GACT: Research

New project: Quantitative Genetics of Hybrid Yeasts

A newly funded BBSRC project to exploit diversity and biotechnological uses of hybrids by overcoming sterility. A collaboration between the Universities of Leicester, Manchester and Nottingham and SABMiller. This is complemented by an iCASE studentship on brewing yeast hybrids also in collaboration with SABMiller. The primary goal is to open up yeast hybrids, important in many industrial fermentations, to genetic analysis by overcoming the hybrid sterility. We want to both explore all the possible genetic variation and combinations from the 7 extant species and from some existing hybrids in use, and generate new strains with properties of interest to different fermentation situations.

Selection for improved characteristics of crops and animals over the millennia of modern human history has benefited from the ability to breed. Artificial selection for such improvement through selective breeding feeds the world as well as gives us the wide variety of dog breeds, faster race horses, etc. Without the ability to breed there is limited variation on which to base improvements. Many plants, including various crops of great importance such as wheat, originated from the hybridization of two or more closely related species. These initially were sterile and dead ends in terms of evolution but overcame their sterility by duplicating their genomes. Variation could still be limited in these as the fertile derivatives may have occurred only once in history resulting in variation being fixed at that point and accumulated over time via mutations. A lot of effort goes into crop improvement by introgressing chromosomes from parental species of the hybrids to bring in new variation. In animals it is more difficult to overcome sterility and so working animals such as mules can only really be improved by breeding in the horse and donkey parents and hoping for improved characteristics in each new mules created by mating the two parents. This is a hit or miss approach and not very efficient.

In fermentation uses with yeast there are many hybrids that are used, the most famous being the lager yeast Saccharomyces carlsbergensis. There are also some used in the wine industry and others are found in nature. These are sterile hybrids which preclude improvement by breeding. In this project we overcome the sterility barrier by duplicating the genomes of several new and existing hybrids, first to determine the genetics of particular characteristics, like why does lager yeast ferment better at cold temperatures, and then to create new diverse hybrids with improved or even new characteristics. We will generate a large number of new hybrids and explore their characteristics, isolating useful strains for use in brewing and wine making as well as industrial production strains. We will also learn about the biology of hybrids and how their two genomes interact. Finally we will answer the question ‘Can mules evolve?’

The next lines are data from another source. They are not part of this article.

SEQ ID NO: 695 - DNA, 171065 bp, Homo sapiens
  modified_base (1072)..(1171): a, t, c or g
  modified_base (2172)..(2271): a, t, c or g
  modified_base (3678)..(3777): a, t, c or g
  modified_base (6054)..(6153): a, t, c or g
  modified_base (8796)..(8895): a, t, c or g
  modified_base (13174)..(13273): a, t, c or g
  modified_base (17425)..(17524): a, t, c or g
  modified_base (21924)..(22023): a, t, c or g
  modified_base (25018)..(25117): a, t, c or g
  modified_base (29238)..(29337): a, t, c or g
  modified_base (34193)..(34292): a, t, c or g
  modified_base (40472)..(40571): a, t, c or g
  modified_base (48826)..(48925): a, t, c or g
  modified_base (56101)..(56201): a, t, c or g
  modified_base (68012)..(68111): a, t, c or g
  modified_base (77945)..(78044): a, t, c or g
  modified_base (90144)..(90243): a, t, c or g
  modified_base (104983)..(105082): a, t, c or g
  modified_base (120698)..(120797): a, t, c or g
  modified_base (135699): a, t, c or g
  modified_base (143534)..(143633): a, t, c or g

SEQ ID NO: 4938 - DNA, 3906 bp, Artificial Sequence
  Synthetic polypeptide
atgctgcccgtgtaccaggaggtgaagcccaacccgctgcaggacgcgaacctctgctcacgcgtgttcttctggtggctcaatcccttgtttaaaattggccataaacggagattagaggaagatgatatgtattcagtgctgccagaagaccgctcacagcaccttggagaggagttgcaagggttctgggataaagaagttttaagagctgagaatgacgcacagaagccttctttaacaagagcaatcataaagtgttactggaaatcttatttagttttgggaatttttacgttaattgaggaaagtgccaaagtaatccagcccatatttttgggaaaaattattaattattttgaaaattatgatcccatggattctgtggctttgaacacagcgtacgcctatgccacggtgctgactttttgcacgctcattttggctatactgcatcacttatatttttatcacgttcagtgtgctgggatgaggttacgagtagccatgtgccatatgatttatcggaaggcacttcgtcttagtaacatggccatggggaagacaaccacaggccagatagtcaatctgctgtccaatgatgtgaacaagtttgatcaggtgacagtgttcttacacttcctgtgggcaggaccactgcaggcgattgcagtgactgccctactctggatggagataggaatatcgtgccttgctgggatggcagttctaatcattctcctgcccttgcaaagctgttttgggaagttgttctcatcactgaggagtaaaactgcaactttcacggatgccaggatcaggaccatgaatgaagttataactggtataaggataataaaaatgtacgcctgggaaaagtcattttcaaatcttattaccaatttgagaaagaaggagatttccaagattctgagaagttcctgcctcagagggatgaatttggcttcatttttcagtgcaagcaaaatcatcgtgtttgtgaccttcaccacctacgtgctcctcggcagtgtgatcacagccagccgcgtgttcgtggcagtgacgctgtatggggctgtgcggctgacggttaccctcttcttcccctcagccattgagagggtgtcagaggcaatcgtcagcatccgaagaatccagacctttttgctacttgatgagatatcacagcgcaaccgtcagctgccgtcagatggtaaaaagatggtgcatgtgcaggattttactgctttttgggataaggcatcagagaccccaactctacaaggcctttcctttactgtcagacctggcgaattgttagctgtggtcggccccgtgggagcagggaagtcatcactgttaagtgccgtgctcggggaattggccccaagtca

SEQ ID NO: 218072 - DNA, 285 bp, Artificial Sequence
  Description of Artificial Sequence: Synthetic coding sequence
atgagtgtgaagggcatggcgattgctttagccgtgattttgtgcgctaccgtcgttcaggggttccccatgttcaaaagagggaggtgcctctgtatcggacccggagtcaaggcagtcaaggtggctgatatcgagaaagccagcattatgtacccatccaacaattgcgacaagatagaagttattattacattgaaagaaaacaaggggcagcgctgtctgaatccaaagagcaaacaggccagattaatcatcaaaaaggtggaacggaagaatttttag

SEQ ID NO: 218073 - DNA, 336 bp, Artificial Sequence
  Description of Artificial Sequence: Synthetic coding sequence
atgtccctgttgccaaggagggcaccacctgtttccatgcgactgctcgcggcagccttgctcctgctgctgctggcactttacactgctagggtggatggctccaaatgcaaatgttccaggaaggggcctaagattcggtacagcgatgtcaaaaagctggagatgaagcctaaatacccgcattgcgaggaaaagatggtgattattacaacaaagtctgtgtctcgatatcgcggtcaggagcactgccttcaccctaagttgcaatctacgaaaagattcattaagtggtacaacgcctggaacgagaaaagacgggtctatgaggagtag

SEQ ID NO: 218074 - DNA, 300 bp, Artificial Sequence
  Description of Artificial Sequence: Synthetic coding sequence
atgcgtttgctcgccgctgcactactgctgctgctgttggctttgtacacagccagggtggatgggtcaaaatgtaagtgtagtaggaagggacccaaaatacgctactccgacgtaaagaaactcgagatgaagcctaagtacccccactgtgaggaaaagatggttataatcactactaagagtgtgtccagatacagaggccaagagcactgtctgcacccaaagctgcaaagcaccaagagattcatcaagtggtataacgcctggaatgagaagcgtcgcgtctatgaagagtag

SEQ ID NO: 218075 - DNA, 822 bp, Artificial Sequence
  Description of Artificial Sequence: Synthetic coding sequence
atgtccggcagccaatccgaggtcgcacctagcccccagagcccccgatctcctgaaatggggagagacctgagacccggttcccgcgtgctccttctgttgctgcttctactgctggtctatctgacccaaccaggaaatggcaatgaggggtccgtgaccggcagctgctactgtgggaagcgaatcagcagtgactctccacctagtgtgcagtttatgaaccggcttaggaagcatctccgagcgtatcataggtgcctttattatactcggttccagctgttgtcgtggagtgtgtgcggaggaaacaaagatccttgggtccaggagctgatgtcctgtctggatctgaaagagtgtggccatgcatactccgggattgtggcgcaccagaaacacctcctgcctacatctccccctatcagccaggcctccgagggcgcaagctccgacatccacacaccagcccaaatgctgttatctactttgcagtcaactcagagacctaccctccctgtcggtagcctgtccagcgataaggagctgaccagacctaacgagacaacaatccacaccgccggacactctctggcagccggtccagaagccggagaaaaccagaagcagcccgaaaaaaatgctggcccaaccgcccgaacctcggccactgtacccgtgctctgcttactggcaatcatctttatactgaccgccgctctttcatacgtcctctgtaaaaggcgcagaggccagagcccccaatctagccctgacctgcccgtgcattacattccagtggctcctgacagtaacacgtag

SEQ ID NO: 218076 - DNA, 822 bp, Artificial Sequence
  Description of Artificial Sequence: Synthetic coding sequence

Complex Traits and Missing Heritability

One of the big problems in determining the underlying genetic causes of complex traits is called 'missing heritability'. Most traits including many human diseases have many genetic factors underlying their expression and are not inherited in a simple Mendelian fashion. Variants at many individual regions can be associated with a trait but in general when taken as a whole they explain only a fraction of the heritable contribution to the trait. This is particularly relevant to many human diseases. The heritability is not really missing but is masked by complex interactions between different loci as well as with the environment. In human GWAS (genome wide association studies) studies, many QTLs (quantitative trait locus) may be identified as having an association with the expression of a disease state but in general there is no statistical power remaining for detecting any two or more locus interactions. Recent studies in yeast are making headway into cracking the problem of detective non-additive or epistatic interactions among the genes involved in a trait.